The frontiers of insect cognition

Clint J. Perry, Andrew B. Barron, Lars Chittka

Research output: Contribution to journalArticlepeer-review

27 Citations (Scopus)


Insects have often been thought to display only the simplest forms of learning, but recent experimental studies, especially in social insects, have suggested various forms of sophisticated cognition. Insects display a variety of phenomena involving simple forms of tool use, attention, social learning of non-natural foraging routines, emotional states and metacognition, all phenomena that were once thought to be the exclusive domain of much larger-brained animals. This will require re-evaluation of what precise computational advantages might be gained by larger brains. It is not yet clear whether insects solve nominally similar tasks by fundamentally simpler mechanisms compared to vertebrates, though there might be differences in terms of the amount of parallel information processing that can be performed by various organisms.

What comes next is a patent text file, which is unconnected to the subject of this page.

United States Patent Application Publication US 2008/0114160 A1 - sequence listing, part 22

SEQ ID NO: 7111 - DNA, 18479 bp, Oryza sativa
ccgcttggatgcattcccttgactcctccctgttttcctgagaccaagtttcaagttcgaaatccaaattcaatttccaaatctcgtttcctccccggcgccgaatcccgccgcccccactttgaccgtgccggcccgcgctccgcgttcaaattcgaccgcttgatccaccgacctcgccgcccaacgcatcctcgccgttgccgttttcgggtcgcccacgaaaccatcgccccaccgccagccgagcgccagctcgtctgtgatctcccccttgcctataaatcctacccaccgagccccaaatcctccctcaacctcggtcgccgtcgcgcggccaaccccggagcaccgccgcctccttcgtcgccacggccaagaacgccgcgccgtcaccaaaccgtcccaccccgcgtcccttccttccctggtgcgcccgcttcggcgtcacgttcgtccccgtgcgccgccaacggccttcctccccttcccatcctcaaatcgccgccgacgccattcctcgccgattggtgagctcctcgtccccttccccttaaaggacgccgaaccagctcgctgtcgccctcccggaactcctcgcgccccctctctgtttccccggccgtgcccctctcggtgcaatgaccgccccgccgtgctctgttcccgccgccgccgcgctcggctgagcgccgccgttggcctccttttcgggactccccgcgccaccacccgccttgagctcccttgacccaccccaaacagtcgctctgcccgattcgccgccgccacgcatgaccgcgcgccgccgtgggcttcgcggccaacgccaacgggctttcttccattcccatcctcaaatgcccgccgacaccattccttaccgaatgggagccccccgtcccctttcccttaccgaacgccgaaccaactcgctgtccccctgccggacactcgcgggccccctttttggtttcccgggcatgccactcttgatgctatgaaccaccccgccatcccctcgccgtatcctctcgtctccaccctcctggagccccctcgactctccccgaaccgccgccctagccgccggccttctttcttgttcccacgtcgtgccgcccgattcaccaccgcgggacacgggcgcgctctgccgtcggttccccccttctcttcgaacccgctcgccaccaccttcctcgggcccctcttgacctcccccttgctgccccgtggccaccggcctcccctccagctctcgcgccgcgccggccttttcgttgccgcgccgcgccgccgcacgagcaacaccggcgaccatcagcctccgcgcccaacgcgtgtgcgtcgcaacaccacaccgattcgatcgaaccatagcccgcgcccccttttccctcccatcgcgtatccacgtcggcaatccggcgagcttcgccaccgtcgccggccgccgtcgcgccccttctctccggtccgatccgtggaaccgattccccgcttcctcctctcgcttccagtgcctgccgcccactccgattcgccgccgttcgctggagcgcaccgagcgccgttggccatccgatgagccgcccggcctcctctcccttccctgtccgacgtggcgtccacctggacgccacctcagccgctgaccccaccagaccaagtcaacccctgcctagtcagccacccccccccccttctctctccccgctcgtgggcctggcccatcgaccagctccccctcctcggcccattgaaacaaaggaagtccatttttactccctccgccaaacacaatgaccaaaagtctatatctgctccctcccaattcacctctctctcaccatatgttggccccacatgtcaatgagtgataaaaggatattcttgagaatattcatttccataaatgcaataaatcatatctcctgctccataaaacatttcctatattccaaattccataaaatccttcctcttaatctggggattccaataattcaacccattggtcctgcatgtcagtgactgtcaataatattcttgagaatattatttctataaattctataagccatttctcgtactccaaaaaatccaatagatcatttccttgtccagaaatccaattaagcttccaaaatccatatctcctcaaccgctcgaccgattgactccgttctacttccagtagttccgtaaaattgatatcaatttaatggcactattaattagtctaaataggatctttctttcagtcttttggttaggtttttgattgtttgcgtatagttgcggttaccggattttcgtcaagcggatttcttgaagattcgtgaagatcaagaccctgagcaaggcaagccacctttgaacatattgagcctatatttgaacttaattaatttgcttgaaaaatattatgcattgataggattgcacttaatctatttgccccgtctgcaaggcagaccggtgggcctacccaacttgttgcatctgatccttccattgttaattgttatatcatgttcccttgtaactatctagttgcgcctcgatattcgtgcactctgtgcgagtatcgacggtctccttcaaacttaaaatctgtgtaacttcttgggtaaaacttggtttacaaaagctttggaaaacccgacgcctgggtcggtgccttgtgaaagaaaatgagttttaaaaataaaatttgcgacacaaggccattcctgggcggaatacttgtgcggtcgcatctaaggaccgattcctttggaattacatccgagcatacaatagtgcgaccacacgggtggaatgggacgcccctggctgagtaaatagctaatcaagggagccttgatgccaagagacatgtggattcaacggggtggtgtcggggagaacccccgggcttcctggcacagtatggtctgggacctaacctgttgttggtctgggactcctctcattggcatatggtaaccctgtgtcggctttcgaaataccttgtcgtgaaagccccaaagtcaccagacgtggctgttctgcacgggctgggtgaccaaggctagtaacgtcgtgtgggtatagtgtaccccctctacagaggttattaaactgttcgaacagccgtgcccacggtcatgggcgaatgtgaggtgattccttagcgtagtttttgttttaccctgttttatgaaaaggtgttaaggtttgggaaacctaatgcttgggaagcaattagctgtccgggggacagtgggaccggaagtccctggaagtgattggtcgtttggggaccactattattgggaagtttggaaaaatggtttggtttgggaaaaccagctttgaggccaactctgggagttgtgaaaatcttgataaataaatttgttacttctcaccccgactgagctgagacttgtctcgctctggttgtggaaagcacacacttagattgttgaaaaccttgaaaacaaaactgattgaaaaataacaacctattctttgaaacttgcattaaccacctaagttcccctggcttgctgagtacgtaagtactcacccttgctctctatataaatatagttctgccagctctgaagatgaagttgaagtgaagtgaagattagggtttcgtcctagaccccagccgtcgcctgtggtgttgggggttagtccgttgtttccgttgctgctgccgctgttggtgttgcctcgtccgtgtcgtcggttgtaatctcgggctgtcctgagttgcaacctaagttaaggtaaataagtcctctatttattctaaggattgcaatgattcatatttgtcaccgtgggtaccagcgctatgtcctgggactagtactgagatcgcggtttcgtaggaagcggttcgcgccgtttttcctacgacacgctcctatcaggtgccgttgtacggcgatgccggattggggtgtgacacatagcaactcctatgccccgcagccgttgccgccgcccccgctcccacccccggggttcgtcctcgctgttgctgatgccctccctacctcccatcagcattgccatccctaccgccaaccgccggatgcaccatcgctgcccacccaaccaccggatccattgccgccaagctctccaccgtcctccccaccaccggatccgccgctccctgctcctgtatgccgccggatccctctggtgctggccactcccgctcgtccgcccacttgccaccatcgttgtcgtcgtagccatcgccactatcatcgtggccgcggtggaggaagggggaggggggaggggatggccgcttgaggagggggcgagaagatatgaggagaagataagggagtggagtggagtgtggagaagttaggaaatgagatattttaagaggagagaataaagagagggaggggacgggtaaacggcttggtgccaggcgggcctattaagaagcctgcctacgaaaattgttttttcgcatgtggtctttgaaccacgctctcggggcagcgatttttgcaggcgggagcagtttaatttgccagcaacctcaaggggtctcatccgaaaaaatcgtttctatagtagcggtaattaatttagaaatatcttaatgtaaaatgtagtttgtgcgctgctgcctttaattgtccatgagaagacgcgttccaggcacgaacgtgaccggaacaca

Original languageEnglish
Pages (from-to)111-118
Number of pages8
JournalCurrent Opinion in Behavioral Sciences
Publication statusPublished - Aug 2017

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